Moody's considers it “unlikely” that France will meet its deficit discount goal by 2027 | EUROtoday

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The score company Moody's judged, Wednesday March 27, “unlikely” that France maintains its goal of decreasing the general public deficit to 2.7% by 2027, ” such [que le gouvernement] provides for this in its medium-term budget plan presented in September”. Moody's also estimated, in a press release, the 10 billion additional savings in 2024 insufficient to “get the government back on track” planned budget.

The public deficit for 2023 ultimately amounted to 5.5% of gross domestic product (GDP), or 154 billion euros, according to data published Tuesday by INSEE, responsible in France for measuring it. A figure much higher than the 4.9% recorded by Bercy in the finance law for 2024, adopted at the end of the year.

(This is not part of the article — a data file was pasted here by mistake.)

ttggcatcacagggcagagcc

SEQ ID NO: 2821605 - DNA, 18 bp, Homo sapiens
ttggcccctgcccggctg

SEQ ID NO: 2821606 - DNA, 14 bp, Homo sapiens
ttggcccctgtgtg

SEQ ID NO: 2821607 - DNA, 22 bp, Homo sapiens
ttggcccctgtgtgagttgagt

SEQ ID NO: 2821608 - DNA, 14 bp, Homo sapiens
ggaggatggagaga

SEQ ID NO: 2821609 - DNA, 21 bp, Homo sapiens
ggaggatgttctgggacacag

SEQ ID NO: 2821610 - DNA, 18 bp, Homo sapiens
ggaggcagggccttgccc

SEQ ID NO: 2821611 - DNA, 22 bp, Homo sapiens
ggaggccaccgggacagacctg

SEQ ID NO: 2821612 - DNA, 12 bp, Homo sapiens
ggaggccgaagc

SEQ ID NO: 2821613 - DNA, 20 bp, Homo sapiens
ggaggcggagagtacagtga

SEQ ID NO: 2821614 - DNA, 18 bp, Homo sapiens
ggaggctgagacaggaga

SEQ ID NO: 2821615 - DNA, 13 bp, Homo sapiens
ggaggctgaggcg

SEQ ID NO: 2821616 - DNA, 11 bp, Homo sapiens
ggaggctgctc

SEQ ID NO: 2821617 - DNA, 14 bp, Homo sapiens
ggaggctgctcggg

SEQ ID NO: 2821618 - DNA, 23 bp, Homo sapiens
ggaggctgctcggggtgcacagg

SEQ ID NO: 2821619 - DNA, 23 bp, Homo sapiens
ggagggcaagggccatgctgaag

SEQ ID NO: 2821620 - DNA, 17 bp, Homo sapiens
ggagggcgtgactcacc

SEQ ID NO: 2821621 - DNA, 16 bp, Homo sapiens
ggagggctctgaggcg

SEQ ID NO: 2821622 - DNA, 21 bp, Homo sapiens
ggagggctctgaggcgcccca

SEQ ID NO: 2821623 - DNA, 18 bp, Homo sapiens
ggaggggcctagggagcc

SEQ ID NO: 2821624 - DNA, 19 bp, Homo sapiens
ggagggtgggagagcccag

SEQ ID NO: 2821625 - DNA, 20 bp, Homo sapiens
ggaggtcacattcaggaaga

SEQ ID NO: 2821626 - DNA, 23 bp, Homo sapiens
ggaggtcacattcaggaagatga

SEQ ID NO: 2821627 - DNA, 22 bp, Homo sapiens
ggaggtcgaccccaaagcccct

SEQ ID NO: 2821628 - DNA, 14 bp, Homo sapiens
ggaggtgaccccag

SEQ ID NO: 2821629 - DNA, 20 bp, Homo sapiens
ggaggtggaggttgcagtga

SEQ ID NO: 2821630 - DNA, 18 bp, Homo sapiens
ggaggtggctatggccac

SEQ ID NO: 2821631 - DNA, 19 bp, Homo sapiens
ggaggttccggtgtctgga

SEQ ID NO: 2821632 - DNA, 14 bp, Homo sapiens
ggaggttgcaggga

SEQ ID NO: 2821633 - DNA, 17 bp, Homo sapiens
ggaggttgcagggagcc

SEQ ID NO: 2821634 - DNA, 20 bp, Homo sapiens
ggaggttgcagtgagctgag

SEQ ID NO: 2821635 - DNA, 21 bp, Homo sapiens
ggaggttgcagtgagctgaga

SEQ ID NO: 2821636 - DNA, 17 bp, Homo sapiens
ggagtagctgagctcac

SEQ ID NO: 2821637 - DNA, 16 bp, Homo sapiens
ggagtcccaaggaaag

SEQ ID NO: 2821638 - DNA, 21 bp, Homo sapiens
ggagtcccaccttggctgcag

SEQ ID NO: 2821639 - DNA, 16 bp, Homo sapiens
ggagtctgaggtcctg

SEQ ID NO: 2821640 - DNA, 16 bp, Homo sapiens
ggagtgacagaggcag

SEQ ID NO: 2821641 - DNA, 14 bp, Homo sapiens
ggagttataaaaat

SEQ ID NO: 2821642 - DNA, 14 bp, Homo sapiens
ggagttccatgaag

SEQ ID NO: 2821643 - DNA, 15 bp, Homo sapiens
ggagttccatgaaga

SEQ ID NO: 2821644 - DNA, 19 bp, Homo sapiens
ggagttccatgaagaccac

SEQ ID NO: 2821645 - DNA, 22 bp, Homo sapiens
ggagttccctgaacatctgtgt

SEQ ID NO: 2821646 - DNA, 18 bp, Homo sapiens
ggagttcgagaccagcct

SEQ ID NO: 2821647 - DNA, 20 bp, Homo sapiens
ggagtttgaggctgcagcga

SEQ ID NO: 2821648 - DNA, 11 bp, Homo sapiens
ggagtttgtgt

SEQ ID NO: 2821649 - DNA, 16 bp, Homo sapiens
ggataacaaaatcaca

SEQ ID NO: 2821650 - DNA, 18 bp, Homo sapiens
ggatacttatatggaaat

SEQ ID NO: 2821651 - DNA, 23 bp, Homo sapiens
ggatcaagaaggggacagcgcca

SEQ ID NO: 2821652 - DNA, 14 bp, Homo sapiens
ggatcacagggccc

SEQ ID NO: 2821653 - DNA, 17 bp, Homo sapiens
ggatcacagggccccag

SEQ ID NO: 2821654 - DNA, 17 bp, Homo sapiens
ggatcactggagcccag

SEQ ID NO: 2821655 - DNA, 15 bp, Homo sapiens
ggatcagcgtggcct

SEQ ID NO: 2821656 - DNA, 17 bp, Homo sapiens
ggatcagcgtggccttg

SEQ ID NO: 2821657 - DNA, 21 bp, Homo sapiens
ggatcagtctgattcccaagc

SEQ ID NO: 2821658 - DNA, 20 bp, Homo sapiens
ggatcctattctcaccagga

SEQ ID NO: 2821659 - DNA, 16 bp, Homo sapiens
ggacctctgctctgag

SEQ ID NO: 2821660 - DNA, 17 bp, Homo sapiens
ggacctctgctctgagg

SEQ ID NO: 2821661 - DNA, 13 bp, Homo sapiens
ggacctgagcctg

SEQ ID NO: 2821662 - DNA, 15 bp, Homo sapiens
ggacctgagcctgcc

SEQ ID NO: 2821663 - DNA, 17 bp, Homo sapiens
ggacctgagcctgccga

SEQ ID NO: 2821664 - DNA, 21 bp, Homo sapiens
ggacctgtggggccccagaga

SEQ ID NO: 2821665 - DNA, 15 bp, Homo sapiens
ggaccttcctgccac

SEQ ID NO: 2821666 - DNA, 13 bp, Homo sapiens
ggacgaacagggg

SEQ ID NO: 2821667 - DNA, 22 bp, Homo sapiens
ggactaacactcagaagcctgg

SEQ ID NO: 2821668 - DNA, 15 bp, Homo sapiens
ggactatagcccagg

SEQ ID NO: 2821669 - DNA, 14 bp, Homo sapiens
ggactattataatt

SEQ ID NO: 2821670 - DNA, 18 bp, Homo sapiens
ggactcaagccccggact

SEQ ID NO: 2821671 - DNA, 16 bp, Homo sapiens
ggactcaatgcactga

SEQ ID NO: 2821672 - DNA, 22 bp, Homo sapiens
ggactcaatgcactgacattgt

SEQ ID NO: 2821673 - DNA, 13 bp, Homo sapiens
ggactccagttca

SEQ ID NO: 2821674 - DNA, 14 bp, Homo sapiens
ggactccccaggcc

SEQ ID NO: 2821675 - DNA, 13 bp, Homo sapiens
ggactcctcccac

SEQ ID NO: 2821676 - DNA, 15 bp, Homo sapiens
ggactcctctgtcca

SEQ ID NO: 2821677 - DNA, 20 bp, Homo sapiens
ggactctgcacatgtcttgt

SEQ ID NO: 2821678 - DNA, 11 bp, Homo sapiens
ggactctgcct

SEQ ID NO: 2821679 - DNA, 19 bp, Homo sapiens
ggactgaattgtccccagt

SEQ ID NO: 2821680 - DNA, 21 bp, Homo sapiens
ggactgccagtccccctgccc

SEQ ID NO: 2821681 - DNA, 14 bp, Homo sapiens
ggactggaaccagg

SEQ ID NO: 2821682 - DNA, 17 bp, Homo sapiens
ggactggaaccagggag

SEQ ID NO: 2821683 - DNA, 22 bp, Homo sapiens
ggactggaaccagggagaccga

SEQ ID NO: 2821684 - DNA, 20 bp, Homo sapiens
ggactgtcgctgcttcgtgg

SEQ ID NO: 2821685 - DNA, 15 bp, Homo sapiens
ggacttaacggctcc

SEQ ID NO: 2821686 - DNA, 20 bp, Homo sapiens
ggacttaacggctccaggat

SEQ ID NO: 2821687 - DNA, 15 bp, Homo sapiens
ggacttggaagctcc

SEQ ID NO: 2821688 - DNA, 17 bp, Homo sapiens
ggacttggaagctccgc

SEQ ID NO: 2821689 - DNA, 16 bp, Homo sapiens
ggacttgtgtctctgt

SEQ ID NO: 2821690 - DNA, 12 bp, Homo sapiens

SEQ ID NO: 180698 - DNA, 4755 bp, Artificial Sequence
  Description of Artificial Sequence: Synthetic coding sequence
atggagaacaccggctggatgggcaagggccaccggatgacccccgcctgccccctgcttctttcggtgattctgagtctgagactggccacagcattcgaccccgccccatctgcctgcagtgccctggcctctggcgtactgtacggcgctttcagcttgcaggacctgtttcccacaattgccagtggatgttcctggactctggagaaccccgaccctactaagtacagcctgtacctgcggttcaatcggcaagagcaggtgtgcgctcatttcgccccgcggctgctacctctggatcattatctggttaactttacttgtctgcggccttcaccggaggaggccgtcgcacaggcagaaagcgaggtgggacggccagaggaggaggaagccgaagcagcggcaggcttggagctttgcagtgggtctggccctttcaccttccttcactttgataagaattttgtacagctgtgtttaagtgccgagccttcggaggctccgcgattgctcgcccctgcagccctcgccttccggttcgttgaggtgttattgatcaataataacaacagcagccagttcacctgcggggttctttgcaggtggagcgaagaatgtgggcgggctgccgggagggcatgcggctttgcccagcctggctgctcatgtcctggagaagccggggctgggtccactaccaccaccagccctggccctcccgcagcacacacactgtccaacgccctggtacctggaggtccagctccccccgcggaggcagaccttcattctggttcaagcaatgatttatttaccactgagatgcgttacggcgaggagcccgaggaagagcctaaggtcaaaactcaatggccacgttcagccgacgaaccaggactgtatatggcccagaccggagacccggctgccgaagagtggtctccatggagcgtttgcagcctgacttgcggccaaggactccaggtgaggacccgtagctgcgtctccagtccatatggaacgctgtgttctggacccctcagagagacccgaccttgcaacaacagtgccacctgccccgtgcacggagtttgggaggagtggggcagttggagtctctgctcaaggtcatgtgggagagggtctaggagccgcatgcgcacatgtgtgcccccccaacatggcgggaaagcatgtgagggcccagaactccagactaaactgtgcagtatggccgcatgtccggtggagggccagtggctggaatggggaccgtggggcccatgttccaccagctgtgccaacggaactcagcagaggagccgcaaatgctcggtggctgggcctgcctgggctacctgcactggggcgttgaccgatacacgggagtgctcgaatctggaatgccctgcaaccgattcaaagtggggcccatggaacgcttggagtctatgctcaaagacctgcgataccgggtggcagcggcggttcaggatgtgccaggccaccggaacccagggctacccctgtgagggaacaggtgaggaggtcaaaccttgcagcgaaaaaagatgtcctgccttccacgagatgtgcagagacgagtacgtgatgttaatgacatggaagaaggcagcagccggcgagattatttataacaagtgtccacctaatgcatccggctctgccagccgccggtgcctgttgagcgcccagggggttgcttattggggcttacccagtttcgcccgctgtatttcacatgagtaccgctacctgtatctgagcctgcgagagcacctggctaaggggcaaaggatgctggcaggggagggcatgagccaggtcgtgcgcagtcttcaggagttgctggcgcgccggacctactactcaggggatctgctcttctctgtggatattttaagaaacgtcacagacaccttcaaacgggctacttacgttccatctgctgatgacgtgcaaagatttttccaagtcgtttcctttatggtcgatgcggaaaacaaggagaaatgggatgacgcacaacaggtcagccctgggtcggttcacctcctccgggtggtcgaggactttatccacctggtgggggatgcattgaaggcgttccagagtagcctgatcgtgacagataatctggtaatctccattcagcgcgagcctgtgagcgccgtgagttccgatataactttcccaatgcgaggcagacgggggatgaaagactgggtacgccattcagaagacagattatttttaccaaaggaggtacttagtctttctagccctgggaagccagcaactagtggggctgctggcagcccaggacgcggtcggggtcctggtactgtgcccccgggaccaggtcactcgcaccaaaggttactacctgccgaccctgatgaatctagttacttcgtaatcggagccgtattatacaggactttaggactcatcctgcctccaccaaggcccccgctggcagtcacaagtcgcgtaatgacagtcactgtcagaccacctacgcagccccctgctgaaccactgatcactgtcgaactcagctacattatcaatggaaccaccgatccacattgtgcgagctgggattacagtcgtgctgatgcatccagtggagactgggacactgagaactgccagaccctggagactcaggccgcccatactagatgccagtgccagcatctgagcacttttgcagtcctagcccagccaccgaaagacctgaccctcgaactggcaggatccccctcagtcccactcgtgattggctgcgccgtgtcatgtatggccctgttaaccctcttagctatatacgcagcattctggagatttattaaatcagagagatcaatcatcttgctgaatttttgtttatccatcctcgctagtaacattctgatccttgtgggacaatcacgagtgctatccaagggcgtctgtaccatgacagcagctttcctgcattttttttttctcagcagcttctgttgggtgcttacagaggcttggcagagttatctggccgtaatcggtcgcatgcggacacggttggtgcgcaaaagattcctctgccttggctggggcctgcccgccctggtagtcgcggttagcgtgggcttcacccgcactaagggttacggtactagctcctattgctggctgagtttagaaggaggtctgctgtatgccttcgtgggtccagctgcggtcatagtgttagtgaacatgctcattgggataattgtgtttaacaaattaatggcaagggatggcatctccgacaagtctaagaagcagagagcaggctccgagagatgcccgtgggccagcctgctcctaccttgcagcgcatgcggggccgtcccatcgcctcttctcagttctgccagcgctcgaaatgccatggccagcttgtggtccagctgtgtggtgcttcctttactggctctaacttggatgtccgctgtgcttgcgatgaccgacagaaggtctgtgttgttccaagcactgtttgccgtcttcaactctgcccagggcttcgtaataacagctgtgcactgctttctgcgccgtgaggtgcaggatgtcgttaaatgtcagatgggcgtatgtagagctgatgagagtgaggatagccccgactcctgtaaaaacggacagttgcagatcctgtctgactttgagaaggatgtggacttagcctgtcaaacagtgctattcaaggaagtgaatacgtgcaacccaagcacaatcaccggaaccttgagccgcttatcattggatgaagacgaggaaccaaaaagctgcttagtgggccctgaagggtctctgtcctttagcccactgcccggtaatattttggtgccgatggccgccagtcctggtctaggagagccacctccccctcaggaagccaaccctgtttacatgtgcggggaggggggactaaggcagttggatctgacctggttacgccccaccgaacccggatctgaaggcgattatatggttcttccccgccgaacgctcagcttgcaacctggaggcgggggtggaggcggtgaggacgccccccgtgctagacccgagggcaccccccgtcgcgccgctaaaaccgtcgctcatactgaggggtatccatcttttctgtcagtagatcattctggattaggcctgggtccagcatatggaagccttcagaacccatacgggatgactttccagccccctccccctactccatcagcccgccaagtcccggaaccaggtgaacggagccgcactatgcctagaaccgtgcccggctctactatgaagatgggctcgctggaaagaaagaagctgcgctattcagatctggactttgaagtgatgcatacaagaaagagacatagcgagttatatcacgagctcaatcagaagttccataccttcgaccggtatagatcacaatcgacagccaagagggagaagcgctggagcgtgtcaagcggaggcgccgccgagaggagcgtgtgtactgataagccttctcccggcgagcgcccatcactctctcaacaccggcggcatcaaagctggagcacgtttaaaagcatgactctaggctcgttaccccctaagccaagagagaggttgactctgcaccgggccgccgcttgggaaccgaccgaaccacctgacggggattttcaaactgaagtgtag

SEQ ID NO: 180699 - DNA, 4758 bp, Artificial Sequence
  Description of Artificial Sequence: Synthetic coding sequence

Moody's, whose schedule provides for an update of the French rating on April 26, clarified that the opinion published Wednesday was not a rating opinion strictly speaking.

Read additionally | Visualize the evolution of the French debt and deficit since 1980

“Revenues lower than expected”

The Minister of the Economy, Bruno Le Maire, nevertheless reaffirmed on Tuesday his “total determination” to return below the 3% public deficit in 2027.

“The larger-than-expected deficit is almost entirely due to lower-than-expected revenue”, added Moody's in its press release. This higher deficit “underlines the risks inherent in the government's medium-term budgetary strategy, which is based on optimistic economic assumptions and revenues, as well as unprecedented cuts in spending”explained the rating agency.

Moody's also estimated “unlikely” that the government maintains its objective of a deficit of 4.4% this year despite the additional cuts announced. Reduce the deficit by one percentage point in one year, excluding exceptional circumstances linked to Covid, “has only been done once since 2000”recalled the agency.

In addition, the rating agency said it expected the level of French public debt to rise again ” slowly ” from 2024, exposing the country to interest-related costs “never seen in more than twenty years”.

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The World with AFP

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